cautions for anyone who commits the same or similar offence more than once in a 2-year period. Offenders
will be prosecuted instead.
4. Making possession of extreme pornography that shows images depicting rape illegal.
5. Increasing the maximum penalty to 2 years in prison for online trolls who send abusive messages or
6. Four new criminal offences of juror misconduct. These are researching details of a case (including online
research), sharing details of the research with other jurors, disclosing details of juror deliberation and
engaging in other prohibited conduct

7. Imposing a new fee at the point of conviction to make criminals contribute towards the costs of running the
courts system
8. Creating a new offence of causing serious injury by driving while disqualified, carrying a maximum penalty
of 4 years in prison, and increasing the maximum prison sentence for causing death by disqualified driving
to 10 years.
9. Increasing the maximum penalty for prisoners who fail to return from a period of temporary release from 6
months to 2 years in prison
10. Creating a new offence of remaining unlawfully at large following a recall from licence with a maximum
penalty of 2 years in prison

11. Speeding up the Judicial Review process and reducing the "number of meritless claims clogging the
12. Tackling insurance fraud by new measures that ban law firms from offering inducements, such as iPads or
cash, to potential clients and courts will be required to dismiss personal injury cases entirely where the
claimant has been found to be fundamentally dishonest.

Common Purpose Event

Thanks to Beverleys excellent networking via Twitter Crossroads has in recent

months been linked to Louise Teboul at Common Purpose. The outcome of this link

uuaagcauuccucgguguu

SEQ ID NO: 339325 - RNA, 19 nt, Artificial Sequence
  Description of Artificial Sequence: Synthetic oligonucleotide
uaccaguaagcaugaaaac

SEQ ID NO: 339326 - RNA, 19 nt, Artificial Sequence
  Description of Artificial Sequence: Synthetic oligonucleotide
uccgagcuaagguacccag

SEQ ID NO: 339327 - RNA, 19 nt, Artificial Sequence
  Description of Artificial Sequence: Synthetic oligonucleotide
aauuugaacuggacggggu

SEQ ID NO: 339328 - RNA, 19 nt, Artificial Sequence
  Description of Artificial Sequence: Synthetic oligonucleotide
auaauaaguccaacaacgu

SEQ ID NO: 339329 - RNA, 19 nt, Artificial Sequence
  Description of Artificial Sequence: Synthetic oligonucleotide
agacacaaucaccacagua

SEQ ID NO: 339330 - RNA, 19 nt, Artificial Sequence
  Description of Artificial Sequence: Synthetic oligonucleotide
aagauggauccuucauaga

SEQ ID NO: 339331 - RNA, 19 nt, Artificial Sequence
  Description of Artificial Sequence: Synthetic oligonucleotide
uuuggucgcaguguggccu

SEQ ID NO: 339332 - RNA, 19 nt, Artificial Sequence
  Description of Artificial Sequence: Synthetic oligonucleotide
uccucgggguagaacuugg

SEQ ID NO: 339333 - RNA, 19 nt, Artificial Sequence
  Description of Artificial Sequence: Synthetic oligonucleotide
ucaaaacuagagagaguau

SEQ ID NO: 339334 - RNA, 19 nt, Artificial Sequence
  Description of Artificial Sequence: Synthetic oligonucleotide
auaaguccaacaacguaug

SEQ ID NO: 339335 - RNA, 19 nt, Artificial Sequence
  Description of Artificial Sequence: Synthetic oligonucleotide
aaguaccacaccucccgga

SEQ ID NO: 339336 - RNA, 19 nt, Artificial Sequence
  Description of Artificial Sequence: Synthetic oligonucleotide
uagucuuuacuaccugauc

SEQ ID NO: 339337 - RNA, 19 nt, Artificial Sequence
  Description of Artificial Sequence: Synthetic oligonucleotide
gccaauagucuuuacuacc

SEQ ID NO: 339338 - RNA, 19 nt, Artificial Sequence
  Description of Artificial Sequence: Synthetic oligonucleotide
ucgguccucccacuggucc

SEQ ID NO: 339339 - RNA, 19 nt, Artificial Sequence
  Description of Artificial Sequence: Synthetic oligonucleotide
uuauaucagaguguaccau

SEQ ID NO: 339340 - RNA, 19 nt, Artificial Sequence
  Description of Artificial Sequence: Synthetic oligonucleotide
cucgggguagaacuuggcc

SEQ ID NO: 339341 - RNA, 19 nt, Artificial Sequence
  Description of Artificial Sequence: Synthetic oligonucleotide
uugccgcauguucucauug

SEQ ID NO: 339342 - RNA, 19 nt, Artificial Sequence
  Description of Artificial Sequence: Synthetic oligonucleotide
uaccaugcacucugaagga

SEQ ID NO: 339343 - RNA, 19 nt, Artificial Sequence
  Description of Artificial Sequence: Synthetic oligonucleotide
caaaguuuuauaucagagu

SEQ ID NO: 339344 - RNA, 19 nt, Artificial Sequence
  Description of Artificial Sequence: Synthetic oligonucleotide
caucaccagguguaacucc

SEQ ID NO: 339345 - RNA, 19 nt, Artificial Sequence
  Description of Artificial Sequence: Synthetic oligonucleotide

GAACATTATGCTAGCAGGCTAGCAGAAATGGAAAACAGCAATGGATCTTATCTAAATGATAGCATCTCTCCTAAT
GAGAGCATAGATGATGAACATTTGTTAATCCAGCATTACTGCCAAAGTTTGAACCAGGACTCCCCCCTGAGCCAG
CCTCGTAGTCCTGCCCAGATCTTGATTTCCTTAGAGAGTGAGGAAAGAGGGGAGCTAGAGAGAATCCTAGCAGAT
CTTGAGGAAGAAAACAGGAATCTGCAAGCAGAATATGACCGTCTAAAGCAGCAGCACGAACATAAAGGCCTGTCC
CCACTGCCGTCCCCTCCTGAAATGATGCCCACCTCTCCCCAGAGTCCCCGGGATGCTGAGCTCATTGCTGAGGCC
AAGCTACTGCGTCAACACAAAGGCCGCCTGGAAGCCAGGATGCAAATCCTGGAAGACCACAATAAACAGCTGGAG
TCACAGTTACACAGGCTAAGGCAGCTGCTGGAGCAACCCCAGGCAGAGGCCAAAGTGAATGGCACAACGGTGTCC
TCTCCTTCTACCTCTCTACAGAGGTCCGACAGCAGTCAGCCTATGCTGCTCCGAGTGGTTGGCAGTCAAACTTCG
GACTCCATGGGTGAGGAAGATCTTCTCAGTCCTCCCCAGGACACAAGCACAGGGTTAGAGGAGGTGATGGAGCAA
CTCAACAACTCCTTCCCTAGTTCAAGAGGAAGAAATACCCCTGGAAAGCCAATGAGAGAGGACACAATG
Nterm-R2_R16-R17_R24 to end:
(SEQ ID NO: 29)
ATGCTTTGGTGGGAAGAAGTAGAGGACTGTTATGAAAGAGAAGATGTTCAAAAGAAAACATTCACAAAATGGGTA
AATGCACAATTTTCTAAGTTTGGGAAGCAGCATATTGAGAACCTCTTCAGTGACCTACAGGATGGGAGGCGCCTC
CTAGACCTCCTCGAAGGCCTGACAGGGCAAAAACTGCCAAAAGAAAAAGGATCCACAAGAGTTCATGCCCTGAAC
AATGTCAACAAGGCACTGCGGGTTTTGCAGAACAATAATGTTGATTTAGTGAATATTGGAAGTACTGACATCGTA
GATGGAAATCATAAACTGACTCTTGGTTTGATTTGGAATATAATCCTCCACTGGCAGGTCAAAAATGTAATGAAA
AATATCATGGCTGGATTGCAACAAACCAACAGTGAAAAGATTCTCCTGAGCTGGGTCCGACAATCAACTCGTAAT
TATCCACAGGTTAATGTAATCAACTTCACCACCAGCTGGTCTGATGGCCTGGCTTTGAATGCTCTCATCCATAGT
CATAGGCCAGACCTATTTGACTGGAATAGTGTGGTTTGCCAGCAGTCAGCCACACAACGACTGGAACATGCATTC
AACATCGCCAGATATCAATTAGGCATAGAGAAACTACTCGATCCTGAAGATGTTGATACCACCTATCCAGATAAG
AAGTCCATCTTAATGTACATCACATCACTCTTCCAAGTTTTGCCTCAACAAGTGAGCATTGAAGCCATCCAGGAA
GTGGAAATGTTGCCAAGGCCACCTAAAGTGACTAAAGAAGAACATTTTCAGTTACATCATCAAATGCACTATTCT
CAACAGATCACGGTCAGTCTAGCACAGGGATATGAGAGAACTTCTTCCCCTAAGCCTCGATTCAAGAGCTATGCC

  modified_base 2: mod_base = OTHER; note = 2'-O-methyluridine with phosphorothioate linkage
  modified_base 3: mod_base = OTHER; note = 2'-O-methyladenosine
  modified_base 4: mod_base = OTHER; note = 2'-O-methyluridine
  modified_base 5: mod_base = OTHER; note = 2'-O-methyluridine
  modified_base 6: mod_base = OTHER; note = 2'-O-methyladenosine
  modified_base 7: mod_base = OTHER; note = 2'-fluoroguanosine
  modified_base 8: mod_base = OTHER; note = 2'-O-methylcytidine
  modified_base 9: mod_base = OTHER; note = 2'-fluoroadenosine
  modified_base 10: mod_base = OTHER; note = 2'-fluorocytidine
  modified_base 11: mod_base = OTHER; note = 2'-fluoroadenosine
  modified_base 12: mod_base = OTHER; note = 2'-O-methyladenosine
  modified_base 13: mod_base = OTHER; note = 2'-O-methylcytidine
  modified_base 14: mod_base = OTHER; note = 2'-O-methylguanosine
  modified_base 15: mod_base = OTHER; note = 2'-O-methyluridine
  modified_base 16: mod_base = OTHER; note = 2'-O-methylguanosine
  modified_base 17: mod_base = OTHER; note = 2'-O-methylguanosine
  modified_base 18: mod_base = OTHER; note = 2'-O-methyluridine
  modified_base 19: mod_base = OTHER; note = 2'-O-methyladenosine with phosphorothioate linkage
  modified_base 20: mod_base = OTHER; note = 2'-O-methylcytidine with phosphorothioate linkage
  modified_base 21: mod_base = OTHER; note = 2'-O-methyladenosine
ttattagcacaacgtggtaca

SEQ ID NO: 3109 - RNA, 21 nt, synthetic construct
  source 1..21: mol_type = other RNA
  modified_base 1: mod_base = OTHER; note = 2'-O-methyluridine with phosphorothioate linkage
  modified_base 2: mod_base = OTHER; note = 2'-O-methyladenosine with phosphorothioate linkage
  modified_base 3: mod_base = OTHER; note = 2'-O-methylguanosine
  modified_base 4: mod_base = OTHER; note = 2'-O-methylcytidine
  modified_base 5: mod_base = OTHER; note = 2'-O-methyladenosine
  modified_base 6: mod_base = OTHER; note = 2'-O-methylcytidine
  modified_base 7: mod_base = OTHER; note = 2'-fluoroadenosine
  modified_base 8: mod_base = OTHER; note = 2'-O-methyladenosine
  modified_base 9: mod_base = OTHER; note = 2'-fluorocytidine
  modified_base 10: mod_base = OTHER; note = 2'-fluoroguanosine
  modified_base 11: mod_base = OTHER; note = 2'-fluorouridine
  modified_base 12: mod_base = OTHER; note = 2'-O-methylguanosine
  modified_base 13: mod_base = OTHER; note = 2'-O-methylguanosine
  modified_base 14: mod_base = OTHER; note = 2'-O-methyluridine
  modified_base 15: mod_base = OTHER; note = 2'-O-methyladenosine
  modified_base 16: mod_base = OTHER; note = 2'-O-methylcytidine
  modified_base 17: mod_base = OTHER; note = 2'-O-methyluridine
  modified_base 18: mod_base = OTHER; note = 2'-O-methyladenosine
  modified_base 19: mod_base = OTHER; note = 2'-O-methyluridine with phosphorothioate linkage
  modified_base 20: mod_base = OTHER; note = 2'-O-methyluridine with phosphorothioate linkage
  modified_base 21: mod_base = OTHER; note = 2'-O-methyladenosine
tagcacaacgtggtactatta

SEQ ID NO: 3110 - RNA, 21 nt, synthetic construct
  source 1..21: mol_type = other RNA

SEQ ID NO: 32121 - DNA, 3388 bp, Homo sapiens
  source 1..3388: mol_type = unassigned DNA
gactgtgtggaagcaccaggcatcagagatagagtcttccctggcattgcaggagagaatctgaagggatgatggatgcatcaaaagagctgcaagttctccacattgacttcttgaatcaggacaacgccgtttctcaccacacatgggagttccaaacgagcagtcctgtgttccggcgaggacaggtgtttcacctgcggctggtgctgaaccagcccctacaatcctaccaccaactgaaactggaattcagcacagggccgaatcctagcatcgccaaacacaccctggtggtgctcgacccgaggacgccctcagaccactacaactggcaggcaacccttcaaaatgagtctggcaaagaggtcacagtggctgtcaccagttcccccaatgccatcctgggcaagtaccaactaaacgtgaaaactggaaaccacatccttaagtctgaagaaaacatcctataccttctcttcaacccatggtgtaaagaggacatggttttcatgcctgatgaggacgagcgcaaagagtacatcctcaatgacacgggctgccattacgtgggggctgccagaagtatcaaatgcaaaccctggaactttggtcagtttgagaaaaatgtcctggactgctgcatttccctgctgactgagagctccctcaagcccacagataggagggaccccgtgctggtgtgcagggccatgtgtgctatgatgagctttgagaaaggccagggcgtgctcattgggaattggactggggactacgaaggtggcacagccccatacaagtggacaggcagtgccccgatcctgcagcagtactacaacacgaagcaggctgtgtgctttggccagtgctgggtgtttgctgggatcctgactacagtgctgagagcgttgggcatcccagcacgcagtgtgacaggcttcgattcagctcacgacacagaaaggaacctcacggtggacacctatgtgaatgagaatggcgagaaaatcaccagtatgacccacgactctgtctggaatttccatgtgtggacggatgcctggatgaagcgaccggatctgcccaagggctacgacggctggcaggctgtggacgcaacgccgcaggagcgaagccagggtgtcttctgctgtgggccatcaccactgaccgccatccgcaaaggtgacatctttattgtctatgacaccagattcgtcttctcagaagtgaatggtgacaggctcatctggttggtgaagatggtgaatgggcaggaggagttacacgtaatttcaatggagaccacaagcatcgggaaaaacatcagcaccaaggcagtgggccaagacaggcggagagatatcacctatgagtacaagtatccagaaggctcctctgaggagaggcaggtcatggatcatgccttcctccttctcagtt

was Beverley and John represented Crossroads at the Common Purpose Event
looking at ways to reduce reoffending in Erdington on Thursday March 26 .

Founded in 1989 as a not-for-profit social enterprise, Common Purpose runs local

programmes for leaders in cities across the world, and facilitates global programmes
to bring together leaders from over 100 countries across six continents. All very
impressive so Crossroads were delighted to be invited to contribute to such a
prestigious event. Common Purpose facilitates courses to give people skills,
connections and inspiration to become better leaders both at work and in society. I
couldnt help thinking how lucky we are at Crossroads to have some inspirational
Project Leaders.

The aim of the day was for leaders from business to look at real life issues, step-out
of their comfort zone and get involved with solutions. Crossroads were invited to
act as consultants and get involved with groups looking at positive management
outcomes to help reduce reoffending rates. In essence we were often sounding
boards and it was interesting to listen to perspectives from individuals outside of
the criminal justice system.

Other invited organisations included User Voice, Network 4 and NOMS. It was great
to have an opportunity put Crossroads on the map but also help leaders present to
understand fully the pressures and barriers many individuals with criminal
convictions face in the community. Including finding meaningful employment.
It was really useful meeting Darren Burns, national recruitment ambassador, for
Timpson, who came all the way from Manchester to share the Timpson Foundation
work. Darren as an ex-offender himself was inspiring presenting on the great work
Timpsons do to help ex-offenders get back on their feet. Giving them a second
chance and empowering them to lead positive lives through meaningful
employment. A model for many more employers to follow. Crossroads will be
aiming this year to establish robust local employer links to encourage more
recruitment of individuals with criminal convictions.

Louise Teboul